Military vehicles

Name Image Origin Type Variants Quantity Notes
Armoured personnel carriers
M113
 United States
 Germany
Armoured personnel carrier
M113A1
M113A2
210
(as of 2008)[1]
154 - M113A1 and 200 - M113A2 items transferred from Germany between 2000 and 2006, some of them - non-operational (used as source for spare parts only); 8 fitted for Logistic battalion (equipped with cranes), other modification - infantry, medical and command.[2][3]

There were 361 M113s in service as of 2006.[1]

MT-LB  Soviet Union
 Poland
Amphibious armoured personnel carrier
MT-LB
10
(as of 2008)[1]
10 MT-LB vehicles were transferred from Poland in 2000.[4]
Armoured cars
HMMWV  United States Armoured car
M1025
M1097
M1114
M1151
200
Some equipped with HK GMG, 50.cal.
.
Land Rover Defender  United Kingdom Armoured car
88
90
110
Some equipped with HK GMG 50.cal, RBS 70.
Toyota Land Cruiser  Japan Armoured car
12
Bought for international missions, has protection from small arms and IED's.
Support vehicles
Sisu E13TP  Finland 8×8 High mobility tactical vehicle
SISU PLS
SISU RECOVERY
50
Bv 206  Sweden Amphibious tracked vehicle
Bv 206A
Bv 206F
Chevrolet CUCV I  United States Pickup truck
M1008
Troop and cargo transport
Mercedes-Benz Unimog 437  Germany Truck
U5000
U1550
Star  Poland Truck
Star 266
Some number were donated by Poland
GAZ  Soviet Union Truck
GAZ 66
Volvo  Sweden SUV4x4
C303
Volvo  Sweden SUV6x6
C304
Volvo  Sweden SUV6x6
C306

Artillery

Name Image Origin Type Variants Quantity Notes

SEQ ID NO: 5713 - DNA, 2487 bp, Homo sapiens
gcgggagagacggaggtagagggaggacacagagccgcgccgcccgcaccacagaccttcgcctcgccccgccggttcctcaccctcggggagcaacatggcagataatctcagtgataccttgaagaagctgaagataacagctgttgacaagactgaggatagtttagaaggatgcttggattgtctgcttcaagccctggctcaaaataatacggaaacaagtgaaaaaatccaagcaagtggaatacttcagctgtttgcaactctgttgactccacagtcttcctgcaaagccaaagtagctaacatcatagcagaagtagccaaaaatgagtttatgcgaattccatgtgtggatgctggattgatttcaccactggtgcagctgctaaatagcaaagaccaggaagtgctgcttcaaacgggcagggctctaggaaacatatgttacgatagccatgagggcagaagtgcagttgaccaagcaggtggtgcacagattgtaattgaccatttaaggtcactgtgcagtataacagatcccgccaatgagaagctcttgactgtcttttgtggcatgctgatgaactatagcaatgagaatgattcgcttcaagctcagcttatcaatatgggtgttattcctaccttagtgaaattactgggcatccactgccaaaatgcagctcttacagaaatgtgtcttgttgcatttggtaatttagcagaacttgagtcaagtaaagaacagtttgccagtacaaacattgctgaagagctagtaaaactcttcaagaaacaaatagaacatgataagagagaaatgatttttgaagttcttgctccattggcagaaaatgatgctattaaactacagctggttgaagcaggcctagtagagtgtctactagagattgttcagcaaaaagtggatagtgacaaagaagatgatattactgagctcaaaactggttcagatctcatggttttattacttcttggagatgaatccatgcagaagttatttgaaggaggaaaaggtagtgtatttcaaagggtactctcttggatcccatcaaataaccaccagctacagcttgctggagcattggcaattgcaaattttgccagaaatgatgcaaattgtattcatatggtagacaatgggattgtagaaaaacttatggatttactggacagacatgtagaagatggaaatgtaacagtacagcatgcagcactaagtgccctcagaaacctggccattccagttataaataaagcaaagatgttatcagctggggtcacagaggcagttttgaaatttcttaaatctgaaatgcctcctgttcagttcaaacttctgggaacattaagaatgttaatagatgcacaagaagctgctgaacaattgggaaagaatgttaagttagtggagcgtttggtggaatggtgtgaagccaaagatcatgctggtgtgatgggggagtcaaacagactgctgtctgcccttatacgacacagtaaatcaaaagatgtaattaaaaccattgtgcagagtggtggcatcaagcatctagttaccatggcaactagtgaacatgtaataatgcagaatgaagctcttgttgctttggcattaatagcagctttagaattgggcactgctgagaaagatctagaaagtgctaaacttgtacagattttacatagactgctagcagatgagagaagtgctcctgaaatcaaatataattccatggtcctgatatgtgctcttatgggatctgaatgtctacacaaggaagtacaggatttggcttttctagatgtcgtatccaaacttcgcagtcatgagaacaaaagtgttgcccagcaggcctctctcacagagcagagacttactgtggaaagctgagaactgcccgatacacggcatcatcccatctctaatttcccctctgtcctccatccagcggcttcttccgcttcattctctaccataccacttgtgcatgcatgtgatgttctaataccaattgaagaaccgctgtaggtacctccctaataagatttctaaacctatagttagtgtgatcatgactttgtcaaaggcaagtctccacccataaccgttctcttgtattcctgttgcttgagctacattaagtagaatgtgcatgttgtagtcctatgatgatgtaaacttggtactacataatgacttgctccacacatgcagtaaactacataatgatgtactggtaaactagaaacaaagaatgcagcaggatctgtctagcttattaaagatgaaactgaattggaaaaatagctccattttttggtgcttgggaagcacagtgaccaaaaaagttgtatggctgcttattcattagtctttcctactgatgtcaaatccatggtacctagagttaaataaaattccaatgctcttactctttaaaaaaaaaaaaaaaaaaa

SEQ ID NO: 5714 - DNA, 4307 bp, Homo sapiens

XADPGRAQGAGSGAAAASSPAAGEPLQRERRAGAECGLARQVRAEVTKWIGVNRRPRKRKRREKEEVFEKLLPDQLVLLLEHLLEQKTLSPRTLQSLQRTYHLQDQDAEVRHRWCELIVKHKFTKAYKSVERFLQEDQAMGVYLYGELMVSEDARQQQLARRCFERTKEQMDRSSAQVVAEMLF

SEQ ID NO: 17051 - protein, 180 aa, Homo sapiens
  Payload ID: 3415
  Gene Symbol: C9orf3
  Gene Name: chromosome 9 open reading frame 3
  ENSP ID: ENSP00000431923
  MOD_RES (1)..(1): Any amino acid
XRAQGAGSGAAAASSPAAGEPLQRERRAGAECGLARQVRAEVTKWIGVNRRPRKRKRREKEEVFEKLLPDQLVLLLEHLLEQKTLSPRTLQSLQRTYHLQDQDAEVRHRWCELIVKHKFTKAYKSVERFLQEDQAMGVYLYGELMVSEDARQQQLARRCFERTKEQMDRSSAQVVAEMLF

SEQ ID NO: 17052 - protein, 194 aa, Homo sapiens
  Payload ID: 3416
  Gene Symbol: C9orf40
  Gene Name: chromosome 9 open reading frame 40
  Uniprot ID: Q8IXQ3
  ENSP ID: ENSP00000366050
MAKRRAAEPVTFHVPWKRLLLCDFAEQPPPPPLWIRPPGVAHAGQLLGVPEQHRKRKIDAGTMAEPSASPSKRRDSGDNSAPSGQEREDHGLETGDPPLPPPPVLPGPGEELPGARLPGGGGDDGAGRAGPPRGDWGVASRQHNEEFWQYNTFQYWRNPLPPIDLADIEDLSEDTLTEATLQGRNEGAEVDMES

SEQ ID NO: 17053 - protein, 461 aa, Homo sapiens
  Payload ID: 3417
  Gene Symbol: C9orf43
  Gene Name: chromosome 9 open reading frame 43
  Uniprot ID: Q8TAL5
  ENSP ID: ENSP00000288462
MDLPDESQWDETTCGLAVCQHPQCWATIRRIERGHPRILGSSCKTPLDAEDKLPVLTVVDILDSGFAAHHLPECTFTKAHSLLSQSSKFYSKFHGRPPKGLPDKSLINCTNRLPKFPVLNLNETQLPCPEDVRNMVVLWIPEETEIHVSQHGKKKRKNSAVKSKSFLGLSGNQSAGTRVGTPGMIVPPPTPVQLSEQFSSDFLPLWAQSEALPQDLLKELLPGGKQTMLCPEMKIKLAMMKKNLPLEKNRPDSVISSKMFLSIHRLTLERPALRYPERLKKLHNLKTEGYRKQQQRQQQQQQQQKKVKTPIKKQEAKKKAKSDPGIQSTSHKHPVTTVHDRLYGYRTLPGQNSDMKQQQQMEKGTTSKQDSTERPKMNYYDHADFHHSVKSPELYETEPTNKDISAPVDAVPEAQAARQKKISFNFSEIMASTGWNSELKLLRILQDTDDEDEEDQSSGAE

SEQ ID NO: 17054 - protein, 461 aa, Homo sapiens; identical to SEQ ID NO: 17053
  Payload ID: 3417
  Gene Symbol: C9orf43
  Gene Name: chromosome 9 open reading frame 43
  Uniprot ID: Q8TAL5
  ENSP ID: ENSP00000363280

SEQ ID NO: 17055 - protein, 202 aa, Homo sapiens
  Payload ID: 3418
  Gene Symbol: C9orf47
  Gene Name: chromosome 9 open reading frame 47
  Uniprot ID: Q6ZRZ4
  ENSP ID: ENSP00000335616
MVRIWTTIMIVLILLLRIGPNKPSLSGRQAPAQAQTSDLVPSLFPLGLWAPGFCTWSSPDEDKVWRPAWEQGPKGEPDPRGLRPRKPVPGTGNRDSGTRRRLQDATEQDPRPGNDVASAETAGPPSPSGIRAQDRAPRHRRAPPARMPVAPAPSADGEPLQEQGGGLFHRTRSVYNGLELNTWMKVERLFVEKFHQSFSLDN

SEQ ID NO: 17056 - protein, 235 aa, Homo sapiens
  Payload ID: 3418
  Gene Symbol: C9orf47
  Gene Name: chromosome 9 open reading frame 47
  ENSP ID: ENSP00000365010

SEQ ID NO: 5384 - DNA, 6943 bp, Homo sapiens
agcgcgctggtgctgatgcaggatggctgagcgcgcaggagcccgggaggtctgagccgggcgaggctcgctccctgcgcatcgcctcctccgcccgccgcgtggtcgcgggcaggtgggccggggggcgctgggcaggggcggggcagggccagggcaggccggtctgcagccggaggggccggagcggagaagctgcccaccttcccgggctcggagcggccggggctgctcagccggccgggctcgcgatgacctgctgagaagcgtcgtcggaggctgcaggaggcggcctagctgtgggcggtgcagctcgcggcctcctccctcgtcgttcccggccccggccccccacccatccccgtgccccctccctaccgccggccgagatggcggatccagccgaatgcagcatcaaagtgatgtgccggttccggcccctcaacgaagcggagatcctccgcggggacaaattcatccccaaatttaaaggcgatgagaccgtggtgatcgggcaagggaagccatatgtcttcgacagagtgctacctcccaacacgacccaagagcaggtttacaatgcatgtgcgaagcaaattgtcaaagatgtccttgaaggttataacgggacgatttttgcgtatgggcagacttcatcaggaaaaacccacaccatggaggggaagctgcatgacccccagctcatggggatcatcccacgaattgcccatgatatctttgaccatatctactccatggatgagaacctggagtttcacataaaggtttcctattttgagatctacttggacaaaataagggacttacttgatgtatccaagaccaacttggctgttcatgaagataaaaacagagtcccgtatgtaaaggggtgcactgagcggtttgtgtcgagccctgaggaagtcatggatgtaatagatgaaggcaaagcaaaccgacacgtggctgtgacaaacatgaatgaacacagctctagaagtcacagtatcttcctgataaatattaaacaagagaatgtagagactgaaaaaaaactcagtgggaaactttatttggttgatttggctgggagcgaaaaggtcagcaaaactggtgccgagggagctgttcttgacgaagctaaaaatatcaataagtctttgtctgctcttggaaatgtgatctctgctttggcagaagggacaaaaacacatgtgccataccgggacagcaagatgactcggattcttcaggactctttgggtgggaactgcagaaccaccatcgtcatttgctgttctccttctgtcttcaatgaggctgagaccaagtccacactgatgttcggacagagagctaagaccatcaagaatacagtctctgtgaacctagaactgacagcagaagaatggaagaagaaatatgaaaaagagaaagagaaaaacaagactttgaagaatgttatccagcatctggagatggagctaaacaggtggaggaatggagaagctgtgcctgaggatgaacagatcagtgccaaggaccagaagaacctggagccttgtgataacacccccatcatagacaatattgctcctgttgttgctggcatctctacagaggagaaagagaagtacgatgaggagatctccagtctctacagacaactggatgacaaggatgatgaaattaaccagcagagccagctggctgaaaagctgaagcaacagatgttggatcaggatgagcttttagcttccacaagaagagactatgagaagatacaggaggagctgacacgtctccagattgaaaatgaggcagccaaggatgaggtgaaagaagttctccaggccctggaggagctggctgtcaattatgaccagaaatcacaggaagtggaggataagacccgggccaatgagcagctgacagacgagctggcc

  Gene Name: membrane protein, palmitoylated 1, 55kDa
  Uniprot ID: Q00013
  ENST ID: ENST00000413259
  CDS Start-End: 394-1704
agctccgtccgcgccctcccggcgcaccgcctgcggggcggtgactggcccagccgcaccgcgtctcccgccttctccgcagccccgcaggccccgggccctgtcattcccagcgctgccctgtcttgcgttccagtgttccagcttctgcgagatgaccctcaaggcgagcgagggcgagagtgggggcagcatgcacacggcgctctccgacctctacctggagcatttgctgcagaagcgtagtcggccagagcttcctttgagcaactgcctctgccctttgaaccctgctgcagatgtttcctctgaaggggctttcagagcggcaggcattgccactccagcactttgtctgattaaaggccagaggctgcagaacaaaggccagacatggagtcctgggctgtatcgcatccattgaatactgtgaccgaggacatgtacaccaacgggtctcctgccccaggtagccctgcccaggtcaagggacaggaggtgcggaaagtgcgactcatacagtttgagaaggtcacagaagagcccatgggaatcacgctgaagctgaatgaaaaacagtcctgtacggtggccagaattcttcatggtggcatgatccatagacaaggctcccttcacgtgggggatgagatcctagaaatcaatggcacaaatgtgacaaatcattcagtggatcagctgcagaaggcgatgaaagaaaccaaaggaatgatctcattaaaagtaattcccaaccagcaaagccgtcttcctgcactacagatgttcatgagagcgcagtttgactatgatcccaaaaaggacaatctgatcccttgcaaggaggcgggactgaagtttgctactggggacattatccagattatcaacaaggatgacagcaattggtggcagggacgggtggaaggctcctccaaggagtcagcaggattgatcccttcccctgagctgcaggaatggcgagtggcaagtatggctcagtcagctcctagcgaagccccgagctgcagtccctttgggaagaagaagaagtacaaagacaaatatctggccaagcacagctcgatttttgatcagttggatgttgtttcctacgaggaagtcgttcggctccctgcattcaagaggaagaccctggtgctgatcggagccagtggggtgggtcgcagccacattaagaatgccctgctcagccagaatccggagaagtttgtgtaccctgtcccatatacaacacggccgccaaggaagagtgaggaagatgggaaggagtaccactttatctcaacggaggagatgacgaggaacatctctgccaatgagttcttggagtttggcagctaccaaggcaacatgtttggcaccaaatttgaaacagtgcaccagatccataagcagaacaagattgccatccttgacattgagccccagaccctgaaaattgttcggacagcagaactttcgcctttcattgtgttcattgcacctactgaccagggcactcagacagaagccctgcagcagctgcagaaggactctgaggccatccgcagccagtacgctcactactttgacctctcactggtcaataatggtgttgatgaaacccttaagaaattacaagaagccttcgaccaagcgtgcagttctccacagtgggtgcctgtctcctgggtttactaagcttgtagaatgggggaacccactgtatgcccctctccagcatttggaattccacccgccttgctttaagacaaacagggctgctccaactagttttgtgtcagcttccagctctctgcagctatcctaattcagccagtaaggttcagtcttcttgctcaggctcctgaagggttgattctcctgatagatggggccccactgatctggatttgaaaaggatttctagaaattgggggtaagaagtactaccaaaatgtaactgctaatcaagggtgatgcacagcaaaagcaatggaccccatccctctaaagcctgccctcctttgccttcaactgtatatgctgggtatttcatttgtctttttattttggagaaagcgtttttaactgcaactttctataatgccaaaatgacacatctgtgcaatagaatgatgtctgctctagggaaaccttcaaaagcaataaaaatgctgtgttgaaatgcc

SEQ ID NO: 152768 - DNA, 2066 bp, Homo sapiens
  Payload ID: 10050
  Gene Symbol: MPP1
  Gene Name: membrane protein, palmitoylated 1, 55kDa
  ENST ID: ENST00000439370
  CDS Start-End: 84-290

Self-propelled artillery
M1064  United States Mortar carrier
PzMrs
42
(as of 2008)[1]
Mortar carriers with Tampella 120 mm mortars
Were transferred from Germany in 2005 and 2006.[5]
Howitzers
M101  United States Howitzer
105 mm caliber
54
(as of 2008)[1]
72 items were transferred from Denmark in 2002 (18 of them - for spares only).[6]
Heavy mortars
2B11  Soviet Union Mortar
120 mm caliber
20
(as of 2008)[1]
20 items were transferred from Bulgaria in 1999.
M1982  Romania Mortar
120 mm caliber
24
(as of 2008)[1]
M38/43  Soviet Union Mortar
120 mm caliber
11
(as of 2008)[1]
M/41D  Finland Mortar
120 mm caliber
12
(as of 2008)[1]
Light mortars
M19  United States Mortar
60 mm caliber
M60  Bulgaria Mortar
60 mm caliber
LM-60  Poland Mortar
60 mm caliber
[7]
Grenade launchers
Heckler & Koch GMG  Germany Automatic grenade launcher
40x53 mm caliber
Heckler & Koch AG36  Germany Grenade launcher
40x46 mm caliber
wz. 1974 Pallad  Poland Grenade launcher
40x47 mm caliber
10
Use by SOJ Aitvaras[7][8]
Anti-tank warfare
Pvpj 1110  Sweden Recoilless rifle
90 mm caliber
FGM-148 Javelin[9]  United States Anti-tank missile
127 mm caliber
Carl Gustav recoilless rifle  Sweden Recoilless rifle
84 mm caliber
M2 and M3 variants.
AT4[10]  Sweden One-shot anti-tank weapon
84 mm caliber

Air-defence weapons

Model Image Origin Variant Quantity Details
Air-defence artillery
Bofors 40mm gun  Sweden Bofors 40mm L/70 18 In wartime reserves.
Air-defence missiles
RBS-70  Sweden RBS 70 21 Including 5 training simulators, 5 Giraffe Mk-IV radars and about 210 Mk1 missiles.[11]
FIM-92 Stinger  United States FIM-92 Stinger 8 Acquired in 2007 "Dual Mount Stinger" modification with 54 missiles, 9 trainers, 6 test missiles, 2 MPQ-64 Sentinel radars, tactical control centres and Humvee trucks for transportation.[12][13]
PZR Grom  Poland Grom 0 (~20) There are plans to buy some PZR Grom from Polish Army stock.[14]

Infantry weapons

Model Image Origin Variant Details
Pistols
Browning Hi-Power  Belgium [15]
Glock pistol  Austria Glock 17 [16]
Heckler & Koch USP  Germany USP [17]
M1911  United States M1911A1 [18]
MAG pistol  Poland MAG-95 Use by SOJ Aitvaras.[7]
Shotguns and submachine guns
Benelli M4  Italy Benelli M4 (Special Forces)
Heckler & Koch MP5  Germany Heckler & Koch MP5SD3
Heckler & Koch UMP  Germany Heckler & Koch UMP45 (Special Forces)
PM-84 Glauberyt  Poland PM-84P Reconnaissance units.[19]
Assault rifles and Machine guns